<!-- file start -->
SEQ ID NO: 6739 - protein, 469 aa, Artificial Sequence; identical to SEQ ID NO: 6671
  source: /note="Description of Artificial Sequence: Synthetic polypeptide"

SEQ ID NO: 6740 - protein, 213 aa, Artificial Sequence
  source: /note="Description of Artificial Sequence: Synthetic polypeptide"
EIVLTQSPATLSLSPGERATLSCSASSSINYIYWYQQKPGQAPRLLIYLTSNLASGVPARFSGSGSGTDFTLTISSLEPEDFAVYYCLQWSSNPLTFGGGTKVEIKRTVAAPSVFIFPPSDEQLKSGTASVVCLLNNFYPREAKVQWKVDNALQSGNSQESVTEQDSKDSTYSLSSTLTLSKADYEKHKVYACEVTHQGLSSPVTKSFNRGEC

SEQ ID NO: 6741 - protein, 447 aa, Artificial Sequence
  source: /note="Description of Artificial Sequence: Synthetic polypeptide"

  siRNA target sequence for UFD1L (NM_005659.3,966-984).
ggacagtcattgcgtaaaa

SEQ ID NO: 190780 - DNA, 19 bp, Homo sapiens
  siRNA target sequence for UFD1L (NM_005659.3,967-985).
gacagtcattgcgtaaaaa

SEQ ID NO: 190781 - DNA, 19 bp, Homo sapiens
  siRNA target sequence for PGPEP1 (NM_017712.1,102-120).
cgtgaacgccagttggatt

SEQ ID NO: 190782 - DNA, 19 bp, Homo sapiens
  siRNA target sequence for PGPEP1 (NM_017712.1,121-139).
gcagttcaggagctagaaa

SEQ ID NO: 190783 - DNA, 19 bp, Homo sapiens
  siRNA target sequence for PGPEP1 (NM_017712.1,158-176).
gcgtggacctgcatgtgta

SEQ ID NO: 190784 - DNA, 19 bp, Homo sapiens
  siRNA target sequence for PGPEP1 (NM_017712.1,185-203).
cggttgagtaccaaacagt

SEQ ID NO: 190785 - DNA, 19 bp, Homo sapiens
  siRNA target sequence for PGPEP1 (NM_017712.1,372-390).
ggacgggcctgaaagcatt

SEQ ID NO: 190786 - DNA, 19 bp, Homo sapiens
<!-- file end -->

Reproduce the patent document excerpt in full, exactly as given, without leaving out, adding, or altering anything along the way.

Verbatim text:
SEQ ID NO: 6739 - protein, 469 aa, Artificial Sequence; identical to SEQ ID NO: 6671
  source: /note="Description of Artificial Sequence: Synthetic polypeptide"

SEQ ID NO: 6740 - protein, 213 aa, Artificial Sequence
  source: /note="Description of Artificial Sequence: Synthetic polypeptide"
EIVLTQSPATLSLSPGERATLSCSASSSINYIYWYQQKPGQAPRLLIYLTSNLASGVPARFSGSGSGTDFTLTISSLEPEDFAVYYCLQWSSNPLTFGGGTKVEIKRTVAAPSVFIFPPSDEQLKSGTASVVCLLNNFYPREAKVQWKVDNALQSGNSQESVTEQDSKDSTYSLSSTLTLSKADYEKHKVYACEVTHQGLSSPVTKSFNRGEC

SEQ ID NO: 6741 - protein, 447 aa, Artificial Sequence
  source: /note="Description of Artificial Sequence: Synthetic polypeptide"

  siRNA target sequence for UFD1L (NM_005659.3,966-984).
ggacagtcattgcgtaaaa

SEQ ID NO: 190780 - DNA, 19 bp, Homo sapiens
  siRNA target sequence for UFD1L (NM_005659.3,967-985).
gacagtcattgcgtaaaaa

SEQ ID NO: 190781 - DNA, 19 bp, Homo sapiens
  siRNA target sequence for PGPEP1 (NM_017712.1,102-120).
cgtgaacgccagttggatt

SEQ ID NO: 190782 - DNA, 19 bp, Homo sapiens
  siRNA target sequence for PGPEP1 (NM_017712.1,121-139).
gcagttcaggagctagaaa

SEQ ID NO: 190783 - DNA, 19 bp, Homo sapiens
  siRNA target sequence for PGPEP1 (NM_017712.1,158-176).
gcgtggacctgcatgtgta

SEQ ID NO: 190784 - DNA, 19 bp, Homo sapiens
  siRNA target sequence for PGPEP1 (NM_017712.1,185-203).
cggttgagtaccaaacagt

SEQ ID NO: 190785 - DNA, 19 bp, Homo sapiens
  siRNA target sequence for PGPEP1 (NM_017712.1,372-390).
ggacgggcctgaaagcatt

SEQ ID NO: 190786 - DNA, 19 bp, Homo sapiens